It’s no secret that we LOVE to incorporate short stories into our middle school ELA curriculum (click here for our favorite short stories), and one of our favorite authors to study with our students is Sandra Cisneros. Below we outline why we think her writing style is so wonderful for meeting our ELA standards and why students enjoy her writing so much (win-win!)
Note: We use Cisneros’s short story “Eleven” as a summer reading assignment (which you can read about here) and an excerpt from The House on Mango Street, “My Name” with our middle schoolers. We teach The House on Mango Street in its entirety in 8th grade and find that exposing students to Cisneros’s signature style earlier on really helps them navigate her novel with a sharper lens when they are older.
So here we go … the three reasons incorporating Cisneros’ writing in our ELA curriculum is so effective:
and “My Name” lend themselves to close reading strategies such as making predictions, forming opinions, asking “big idea” questions, and making connections. These stories in particular promote lots of text-to-self connections, as readers can easily identify with the protagonist’s experiences with a memorable birthday and the meaning behind her name. We use these Close Reading Strategies Bookmarks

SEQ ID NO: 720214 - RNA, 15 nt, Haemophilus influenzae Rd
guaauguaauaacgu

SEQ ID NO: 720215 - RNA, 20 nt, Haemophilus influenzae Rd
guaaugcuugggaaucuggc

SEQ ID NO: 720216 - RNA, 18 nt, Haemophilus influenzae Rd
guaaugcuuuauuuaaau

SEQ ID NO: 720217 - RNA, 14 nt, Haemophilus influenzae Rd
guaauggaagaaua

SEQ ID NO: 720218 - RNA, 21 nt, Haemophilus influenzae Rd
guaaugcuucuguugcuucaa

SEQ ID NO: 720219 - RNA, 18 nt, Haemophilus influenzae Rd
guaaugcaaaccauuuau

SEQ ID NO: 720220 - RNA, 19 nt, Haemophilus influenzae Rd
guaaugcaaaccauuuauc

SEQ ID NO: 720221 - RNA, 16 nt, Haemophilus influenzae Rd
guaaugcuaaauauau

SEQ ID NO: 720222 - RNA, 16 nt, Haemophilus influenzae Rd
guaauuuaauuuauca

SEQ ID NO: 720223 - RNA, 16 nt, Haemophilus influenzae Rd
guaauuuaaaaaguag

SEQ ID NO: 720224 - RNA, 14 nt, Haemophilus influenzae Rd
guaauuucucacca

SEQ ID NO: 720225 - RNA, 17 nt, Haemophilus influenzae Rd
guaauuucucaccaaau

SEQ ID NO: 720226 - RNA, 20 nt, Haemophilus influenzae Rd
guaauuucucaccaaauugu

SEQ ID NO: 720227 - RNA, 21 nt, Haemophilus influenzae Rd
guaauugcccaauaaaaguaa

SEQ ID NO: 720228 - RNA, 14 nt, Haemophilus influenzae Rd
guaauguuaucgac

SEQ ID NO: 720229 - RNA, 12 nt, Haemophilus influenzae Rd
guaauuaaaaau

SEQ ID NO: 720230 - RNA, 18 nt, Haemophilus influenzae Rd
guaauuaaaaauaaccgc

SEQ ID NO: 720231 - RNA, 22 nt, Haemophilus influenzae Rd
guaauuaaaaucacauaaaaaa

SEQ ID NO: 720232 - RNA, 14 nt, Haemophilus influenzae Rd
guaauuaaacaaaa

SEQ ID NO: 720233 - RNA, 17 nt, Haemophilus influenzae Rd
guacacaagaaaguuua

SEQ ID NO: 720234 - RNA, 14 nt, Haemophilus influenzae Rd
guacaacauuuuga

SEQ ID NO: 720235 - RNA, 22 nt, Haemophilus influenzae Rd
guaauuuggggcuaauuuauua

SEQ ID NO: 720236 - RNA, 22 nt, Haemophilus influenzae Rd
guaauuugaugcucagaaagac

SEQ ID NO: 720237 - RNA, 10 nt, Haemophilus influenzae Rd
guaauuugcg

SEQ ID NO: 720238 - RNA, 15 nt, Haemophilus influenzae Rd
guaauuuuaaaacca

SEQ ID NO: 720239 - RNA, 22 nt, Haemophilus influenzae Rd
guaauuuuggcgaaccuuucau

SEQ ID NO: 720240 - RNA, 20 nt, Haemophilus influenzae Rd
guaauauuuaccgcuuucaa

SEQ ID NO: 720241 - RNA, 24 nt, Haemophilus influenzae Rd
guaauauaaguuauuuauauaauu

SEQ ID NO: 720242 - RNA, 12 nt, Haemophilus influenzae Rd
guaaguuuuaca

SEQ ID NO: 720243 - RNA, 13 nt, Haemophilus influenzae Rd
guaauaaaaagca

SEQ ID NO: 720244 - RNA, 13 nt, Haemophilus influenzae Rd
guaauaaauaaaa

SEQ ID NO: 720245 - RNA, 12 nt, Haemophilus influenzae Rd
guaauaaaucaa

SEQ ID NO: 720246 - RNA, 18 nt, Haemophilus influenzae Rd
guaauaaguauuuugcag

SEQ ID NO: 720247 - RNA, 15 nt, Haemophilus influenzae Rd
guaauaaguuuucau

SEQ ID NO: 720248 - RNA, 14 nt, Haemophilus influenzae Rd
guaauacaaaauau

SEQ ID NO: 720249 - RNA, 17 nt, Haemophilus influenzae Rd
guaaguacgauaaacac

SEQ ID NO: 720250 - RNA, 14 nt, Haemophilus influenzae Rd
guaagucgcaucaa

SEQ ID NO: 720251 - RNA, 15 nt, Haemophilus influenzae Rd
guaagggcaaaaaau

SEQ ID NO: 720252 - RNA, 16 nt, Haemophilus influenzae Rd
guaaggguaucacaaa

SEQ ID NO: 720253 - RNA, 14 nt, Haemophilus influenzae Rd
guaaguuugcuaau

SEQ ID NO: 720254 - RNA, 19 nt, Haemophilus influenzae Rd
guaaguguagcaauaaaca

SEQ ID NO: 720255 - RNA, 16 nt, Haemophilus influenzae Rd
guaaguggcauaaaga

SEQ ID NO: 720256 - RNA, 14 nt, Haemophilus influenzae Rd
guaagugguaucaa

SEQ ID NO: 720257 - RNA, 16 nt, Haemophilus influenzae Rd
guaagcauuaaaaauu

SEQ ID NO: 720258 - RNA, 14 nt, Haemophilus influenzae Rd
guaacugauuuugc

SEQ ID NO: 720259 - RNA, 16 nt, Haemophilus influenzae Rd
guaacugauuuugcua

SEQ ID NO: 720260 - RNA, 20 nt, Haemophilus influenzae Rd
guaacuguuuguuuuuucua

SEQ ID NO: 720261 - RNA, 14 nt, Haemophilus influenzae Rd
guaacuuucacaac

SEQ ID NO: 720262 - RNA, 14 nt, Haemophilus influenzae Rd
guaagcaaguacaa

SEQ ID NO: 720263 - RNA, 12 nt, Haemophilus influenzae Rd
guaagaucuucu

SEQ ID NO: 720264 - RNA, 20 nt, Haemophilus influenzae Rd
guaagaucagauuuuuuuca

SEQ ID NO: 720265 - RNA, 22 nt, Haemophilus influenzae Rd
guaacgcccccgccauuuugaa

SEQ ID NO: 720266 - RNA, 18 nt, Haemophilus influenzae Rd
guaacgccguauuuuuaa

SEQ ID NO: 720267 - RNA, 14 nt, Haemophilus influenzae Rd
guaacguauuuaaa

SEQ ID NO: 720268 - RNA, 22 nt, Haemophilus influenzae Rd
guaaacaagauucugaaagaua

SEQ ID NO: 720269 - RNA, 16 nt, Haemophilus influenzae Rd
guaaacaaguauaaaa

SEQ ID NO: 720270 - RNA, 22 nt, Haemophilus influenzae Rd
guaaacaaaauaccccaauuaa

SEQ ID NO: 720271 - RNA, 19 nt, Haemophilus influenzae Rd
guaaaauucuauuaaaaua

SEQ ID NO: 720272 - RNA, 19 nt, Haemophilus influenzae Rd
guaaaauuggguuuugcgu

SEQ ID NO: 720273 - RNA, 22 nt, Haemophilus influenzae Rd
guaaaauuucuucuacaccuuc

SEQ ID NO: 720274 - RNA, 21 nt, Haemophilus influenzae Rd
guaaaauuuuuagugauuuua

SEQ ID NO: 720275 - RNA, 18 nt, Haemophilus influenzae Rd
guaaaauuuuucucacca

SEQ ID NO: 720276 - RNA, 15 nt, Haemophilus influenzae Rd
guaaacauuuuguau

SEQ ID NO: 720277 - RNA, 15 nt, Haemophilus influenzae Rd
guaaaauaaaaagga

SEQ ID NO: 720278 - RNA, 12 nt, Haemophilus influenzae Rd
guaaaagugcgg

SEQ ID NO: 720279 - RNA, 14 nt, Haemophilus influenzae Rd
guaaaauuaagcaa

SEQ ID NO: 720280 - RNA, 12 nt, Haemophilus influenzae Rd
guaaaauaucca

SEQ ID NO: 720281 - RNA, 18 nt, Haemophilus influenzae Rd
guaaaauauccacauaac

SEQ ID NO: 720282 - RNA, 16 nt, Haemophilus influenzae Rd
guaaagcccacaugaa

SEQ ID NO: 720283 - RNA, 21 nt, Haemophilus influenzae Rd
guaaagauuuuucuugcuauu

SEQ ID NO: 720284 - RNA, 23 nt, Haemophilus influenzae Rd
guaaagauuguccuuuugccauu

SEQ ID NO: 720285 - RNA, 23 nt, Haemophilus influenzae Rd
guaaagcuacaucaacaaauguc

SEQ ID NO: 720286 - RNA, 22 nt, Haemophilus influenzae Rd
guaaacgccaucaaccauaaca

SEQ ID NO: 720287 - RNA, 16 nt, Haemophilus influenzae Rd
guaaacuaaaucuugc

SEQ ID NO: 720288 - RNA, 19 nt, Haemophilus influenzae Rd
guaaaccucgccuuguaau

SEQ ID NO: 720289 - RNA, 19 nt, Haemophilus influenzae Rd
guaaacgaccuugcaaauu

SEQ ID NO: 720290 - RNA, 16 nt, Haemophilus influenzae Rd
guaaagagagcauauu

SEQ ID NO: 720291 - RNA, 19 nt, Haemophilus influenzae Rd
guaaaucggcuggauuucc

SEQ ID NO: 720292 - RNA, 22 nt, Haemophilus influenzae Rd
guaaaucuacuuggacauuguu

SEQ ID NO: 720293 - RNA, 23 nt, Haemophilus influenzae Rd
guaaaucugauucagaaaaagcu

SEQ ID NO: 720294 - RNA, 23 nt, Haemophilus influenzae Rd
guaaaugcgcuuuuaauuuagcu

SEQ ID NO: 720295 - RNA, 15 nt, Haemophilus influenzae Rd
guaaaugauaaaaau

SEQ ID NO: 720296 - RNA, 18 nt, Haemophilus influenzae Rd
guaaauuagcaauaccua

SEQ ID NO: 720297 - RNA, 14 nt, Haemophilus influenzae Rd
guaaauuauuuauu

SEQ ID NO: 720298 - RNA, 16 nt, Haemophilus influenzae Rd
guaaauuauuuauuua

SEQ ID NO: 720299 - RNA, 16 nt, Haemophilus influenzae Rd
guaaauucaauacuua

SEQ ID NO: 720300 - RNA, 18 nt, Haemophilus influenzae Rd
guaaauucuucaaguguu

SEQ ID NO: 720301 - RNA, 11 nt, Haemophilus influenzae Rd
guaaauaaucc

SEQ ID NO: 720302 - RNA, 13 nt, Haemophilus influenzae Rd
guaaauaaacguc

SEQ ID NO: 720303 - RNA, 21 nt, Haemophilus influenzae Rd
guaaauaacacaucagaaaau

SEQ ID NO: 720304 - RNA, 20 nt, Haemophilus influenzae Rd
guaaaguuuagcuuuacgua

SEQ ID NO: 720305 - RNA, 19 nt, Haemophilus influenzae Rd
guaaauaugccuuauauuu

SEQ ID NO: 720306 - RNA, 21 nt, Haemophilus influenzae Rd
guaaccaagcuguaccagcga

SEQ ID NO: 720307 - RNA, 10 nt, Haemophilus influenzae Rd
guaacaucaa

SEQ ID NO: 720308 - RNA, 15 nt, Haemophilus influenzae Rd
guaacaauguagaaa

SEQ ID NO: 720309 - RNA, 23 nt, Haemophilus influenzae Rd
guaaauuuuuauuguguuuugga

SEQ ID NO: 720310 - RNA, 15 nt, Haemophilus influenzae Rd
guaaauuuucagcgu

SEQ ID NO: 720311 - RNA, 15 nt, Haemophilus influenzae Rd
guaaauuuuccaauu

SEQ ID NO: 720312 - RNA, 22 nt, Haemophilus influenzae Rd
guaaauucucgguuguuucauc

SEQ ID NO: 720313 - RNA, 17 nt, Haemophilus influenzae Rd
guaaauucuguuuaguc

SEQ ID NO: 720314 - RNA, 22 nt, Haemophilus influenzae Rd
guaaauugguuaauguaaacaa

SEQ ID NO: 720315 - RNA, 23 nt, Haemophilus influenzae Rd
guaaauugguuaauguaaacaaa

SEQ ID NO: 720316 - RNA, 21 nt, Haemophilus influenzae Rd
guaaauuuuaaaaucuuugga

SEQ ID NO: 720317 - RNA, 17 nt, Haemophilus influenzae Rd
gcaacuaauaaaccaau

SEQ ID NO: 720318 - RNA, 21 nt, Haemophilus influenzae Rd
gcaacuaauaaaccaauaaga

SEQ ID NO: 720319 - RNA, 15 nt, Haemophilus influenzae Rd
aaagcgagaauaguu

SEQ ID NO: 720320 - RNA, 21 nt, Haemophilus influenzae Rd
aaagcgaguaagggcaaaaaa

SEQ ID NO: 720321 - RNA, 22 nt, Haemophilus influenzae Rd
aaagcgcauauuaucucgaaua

for all the literature we read with our students.
Reason #2 – Cisneros’s writing is filled with figurative language.
This allows students to gain practice in not only identifying personification, metaphors, etc., but analyzing why Cisneros chose to use a particular figurative device and its effect on characters, setting, and plot. Before reading Cisneros’s stories, we review figurative language with this fun Bingo Game
. Then, when doing our close reading of the stories, we have our students do a figurative language scavenger hunt and discuss why Cisneros used these particular devices to strengthen her characters’ perspectives and make her arguments more compelling. We find it so helpful to give our students concrete practice in analyzing figurative language in shorter works before they dive into a novel like The House on Mango Street
There is just so much beneath the surface in her writing. For example, in “Eleven,” what appears to be a simple story about a young girl facing a humiliating experience on her birthday is filled with opportunities for analysis about how the protagonist (Rachel) is growing and maturing all within a few hours. Stories like these really force students to look at the text from different angles – identifying allusions and discussing their relevance to the story. It’s a fascinating way to read a literary piece with your students!